Now check it out:

I turned the handle and the rusted hinges creaked as the door opened with clouds of dust puffing. Inside was what I expected. Tools and farming implements. Paints and brushes. Insects and mice. I shivered and a cold sweat dripped down on my face. I walked inside and my stomach did loop-de-loops. Something dragged me inwards. Not physically, but mentally, like a magnet to magnet.

There is so much mood and emotion in this scene. We, the readers, know something magical is about to happen. We’re invested!

My next tip on setting will focus on drawing on the power of characters to help emphasize a setting.

Not your average wizard


I just finished an illustration of Oroook, that Unger Wizard who first appeared in Kendra Kandlestar and the Door to Unger. Even though Oroook was only in the book for a few scant moments, he set off quite a chain of events in Kendra’s life—and so far, we’ve never had any insight into his motivation. That will change in the final Kendra book, The Search for Arazeen.

I’ve always had a soft spot for Oroook, especially since he is one of the few characters who I’ve killed off (see my post on that subject). So, sadly, we won’t actually get to meet Oroook directly again, but in this final Kendra book readers will come to learn more about his history and how he came to meet Kendra’s mother, the infamous sorceress Kayla Kandlestar.

Take a tour of the Een Museum – part 1

Een MuseumThis past week I worked as writer-in-residence at General Gordon Elementary in Vancouver, and brought with me the travelling Een Museum. The students loved it, so I thought I would catalogue all the current pieces and display them here.

These items come from a variety of sources. Some were built with inspiration from the drawings. In other cases, the props inspired situations in the book. No matter the case, they are all “real” objects that you can hold and touch . . . making the Land of Een seem all the more real (which, of course, it is).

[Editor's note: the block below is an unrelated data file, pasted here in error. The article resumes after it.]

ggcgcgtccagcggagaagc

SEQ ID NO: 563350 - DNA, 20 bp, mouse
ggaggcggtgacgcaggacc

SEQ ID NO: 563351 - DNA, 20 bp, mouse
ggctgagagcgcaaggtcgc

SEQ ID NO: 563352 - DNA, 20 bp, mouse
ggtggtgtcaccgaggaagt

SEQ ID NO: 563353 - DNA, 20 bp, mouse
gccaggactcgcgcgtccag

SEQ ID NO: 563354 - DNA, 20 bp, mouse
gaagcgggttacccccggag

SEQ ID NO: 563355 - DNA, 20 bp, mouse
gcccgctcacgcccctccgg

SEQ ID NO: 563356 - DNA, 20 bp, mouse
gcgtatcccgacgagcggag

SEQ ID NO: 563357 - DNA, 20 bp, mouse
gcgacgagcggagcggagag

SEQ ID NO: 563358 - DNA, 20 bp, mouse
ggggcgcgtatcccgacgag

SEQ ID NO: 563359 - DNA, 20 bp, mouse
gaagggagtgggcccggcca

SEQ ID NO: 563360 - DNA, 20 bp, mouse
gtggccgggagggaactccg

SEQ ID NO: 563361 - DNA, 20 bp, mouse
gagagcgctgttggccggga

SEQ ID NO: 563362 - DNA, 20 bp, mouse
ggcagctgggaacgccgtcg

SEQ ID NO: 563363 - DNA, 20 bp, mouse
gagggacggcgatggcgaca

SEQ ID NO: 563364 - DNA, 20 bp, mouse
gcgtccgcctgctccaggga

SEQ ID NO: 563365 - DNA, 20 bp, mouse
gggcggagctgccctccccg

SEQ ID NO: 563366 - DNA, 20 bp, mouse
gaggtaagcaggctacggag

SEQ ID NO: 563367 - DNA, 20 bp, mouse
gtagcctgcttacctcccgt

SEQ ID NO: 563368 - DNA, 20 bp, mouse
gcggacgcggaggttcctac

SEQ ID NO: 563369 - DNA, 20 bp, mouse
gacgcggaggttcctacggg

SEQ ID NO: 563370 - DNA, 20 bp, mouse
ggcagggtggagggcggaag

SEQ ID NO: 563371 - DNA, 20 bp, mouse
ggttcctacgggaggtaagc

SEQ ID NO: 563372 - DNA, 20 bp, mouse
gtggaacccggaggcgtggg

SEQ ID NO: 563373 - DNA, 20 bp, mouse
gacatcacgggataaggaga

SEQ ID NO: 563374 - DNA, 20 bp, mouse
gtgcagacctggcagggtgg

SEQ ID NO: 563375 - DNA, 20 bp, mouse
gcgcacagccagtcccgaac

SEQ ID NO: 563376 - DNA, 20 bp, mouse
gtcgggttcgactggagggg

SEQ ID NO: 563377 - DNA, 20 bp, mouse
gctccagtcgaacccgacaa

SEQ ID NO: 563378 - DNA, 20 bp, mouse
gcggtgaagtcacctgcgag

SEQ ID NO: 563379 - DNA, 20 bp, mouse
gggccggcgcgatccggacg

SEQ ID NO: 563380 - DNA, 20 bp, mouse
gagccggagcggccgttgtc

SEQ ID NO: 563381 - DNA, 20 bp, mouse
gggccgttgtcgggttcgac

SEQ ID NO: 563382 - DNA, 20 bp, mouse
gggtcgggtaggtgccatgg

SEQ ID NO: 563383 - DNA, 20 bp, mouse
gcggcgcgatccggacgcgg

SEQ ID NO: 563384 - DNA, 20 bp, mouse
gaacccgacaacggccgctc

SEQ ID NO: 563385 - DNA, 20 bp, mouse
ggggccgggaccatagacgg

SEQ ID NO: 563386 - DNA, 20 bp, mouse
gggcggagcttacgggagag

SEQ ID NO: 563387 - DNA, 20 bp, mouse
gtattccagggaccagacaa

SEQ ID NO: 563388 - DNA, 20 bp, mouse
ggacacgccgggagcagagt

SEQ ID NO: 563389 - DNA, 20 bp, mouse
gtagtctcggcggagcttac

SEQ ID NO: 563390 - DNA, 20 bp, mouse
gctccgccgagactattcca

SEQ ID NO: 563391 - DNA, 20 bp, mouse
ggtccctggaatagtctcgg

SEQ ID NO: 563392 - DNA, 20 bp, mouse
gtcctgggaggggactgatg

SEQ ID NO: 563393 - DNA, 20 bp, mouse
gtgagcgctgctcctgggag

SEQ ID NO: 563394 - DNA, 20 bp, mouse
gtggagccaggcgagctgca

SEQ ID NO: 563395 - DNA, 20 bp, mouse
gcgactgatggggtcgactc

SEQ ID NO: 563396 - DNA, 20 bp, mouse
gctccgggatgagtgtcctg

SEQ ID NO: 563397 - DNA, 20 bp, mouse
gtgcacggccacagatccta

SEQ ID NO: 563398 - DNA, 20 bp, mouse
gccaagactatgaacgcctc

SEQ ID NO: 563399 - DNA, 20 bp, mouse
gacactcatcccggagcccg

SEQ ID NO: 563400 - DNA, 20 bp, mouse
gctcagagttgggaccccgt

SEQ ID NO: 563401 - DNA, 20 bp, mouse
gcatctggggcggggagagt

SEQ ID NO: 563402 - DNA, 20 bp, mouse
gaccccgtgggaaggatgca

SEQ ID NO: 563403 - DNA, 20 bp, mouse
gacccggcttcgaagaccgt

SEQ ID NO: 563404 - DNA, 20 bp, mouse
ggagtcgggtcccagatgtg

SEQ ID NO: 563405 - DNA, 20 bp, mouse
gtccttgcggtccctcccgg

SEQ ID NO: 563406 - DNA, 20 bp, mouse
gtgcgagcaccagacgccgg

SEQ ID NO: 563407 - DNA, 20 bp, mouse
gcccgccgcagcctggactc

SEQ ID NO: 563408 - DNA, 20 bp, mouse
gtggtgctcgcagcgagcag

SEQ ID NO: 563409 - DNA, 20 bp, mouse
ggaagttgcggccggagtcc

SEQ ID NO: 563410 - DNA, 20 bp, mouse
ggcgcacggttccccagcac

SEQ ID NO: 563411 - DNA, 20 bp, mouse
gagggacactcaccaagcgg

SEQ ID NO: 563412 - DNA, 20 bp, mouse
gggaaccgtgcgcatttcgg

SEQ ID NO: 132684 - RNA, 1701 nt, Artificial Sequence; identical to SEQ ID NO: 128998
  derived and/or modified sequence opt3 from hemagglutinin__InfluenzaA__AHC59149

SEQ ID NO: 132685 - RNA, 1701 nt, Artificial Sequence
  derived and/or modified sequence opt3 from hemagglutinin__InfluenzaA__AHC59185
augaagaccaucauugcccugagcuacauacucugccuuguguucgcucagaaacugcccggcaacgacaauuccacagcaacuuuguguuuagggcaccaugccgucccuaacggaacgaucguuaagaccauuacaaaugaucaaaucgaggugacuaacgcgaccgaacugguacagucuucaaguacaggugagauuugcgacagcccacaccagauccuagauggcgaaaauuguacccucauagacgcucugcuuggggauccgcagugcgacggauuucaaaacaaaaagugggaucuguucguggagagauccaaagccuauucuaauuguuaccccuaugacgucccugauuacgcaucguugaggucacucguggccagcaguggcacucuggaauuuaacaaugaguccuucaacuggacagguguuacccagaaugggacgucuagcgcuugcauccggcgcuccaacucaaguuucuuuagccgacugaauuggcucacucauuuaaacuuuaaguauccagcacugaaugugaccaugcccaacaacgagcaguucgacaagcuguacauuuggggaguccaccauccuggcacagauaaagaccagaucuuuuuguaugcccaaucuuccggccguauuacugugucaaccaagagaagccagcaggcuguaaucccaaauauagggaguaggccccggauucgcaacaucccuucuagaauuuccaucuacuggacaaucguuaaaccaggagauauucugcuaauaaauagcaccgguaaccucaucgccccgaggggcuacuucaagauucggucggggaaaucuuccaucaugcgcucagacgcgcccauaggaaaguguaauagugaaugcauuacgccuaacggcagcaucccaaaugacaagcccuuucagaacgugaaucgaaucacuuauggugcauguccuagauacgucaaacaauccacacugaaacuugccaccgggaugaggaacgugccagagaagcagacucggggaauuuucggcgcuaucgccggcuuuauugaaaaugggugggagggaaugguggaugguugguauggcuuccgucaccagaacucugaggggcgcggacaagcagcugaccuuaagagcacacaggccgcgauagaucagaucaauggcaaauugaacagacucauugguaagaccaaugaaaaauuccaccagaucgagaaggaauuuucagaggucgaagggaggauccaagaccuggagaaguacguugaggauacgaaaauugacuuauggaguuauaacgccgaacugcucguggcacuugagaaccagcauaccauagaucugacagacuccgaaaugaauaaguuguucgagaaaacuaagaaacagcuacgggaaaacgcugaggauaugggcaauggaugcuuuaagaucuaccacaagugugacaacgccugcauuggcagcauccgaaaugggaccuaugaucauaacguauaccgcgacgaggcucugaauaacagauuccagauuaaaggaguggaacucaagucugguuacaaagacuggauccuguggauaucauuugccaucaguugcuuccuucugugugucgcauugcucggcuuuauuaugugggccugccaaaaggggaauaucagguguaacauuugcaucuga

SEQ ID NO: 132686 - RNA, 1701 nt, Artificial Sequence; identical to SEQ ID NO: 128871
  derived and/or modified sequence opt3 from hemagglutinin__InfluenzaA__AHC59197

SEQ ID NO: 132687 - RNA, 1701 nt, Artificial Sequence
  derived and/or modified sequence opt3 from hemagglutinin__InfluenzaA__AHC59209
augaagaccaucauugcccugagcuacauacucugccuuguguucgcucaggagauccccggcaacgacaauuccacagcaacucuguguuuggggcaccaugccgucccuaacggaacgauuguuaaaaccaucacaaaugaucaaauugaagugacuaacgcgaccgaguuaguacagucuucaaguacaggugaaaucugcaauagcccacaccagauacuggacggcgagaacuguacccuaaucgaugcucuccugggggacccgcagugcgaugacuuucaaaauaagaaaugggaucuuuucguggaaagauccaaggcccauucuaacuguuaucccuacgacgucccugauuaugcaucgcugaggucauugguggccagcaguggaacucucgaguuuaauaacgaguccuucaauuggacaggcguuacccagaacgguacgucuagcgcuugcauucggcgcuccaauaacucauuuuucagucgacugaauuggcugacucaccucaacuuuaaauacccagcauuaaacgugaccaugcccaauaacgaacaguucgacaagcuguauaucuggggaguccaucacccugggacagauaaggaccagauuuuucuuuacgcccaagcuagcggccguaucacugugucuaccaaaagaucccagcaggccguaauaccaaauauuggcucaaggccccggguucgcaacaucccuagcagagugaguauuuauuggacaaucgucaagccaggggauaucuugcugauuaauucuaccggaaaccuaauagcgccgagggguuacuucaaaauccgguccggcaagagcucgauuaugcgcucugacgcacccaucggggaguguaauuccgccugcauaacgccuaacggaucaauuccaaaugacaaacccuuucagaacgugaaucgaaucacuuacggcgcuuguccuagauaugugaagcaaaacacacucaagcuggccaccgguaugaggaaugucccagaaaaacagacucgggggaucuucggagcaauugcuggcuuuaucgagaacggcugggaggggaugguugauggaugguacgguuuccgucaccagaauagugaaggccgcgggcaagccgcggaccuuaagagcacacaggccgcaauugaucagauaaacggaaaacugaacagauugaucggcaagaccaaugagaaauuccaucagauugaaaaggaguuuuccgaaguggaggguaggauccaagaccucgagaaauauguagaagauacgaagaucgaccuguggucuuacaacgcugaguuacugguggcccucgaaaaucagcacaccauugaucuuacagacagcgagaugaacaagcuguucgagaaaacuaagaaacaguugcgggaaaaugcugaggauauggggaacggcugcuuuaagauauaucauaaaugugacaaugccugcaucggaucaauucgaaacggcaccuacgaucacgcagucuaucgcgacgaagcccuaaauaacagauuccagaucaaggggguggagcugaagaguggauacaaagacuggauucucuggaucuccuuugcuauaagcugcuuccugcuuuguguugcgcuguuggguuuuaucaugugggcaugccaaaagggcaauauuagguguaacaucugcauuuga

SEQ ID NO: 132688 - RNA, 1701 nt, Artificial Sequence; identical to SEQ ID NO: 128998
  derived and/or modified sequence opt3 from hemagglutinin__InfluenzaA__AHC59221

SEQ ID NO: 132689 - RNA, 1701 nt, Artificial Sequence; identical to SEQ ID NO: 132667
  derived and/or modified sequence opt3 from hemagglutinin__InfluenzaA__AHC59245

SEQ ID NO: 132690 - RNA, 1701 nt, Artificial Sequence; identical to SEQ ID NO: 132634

I’ll post all the items over the next few days. Here’s the first four items (some of my favourites) . . .

Box of Whispers
A replica of the box that Kendra searched for in the outside world.

Een Museum - Box of Whispers


Kendra’s Whisper

A replica of the secret that caused Kendra such angst while searching for the Box of Whisper. Notice the swirling murkiness—ah, secrets are complicated things!

Een Museum - Kendra's Whisper


Door to Unger

A replica of the door that guarded the temple maze of the Wizard Greeve. The teeth—the door’s gate—can actually open.

Een Museum - Door to Unger.


A whisp of Uncle Griffinskitch’s beard

The ornery old wizard was rather fond of his full-length beard; here’s a snippet of it. When asked for the sample, the shaggy old Een only muttered, “Humph!”—so it had to be taken discretely.

Een Museum - a whisp of Uncle Griffinskitch's beard


Finding your voice

I’m soon off to Korea to teach at a couple of writing camps and so have been working hard to prepare some of the material. One of the workshops I’m excited to teach is about voice. I’ve always loved a strong narrative voice. It’s the number one thing that hooks me. Similarly, if a book—especially a children’s book—lacks a strong voice, then I am completely turned away. There are numerous examples of very successful and popular books that just haven’t grabbed me because of their lack of voice. Which means, of course, that not everyone is so attached to voice as me.

Nonetheless, every author needs to find that individual way of telling a story. Me? I’ve always told the Kendra Kandlestar books in that old-fashioned style, as if your grandfather has sat you down in front of the fireplace and decided to tell you a tale. (Some reviewers criticize me for this style; others love it.) However, I’ve always changed my voice when it came to writing down the legends of Een.

These sections of the series have been some of my favourite to write. They are purposely in a completely different style and voice. I wanted to give the legends weight and history, so I drew upon classical works such as The Old Testament, The Epic of Gilgamesh, and The Iliad for inspiration. Here’s  the Legend of the Wizard Greeve (this appears in The Door to Unger):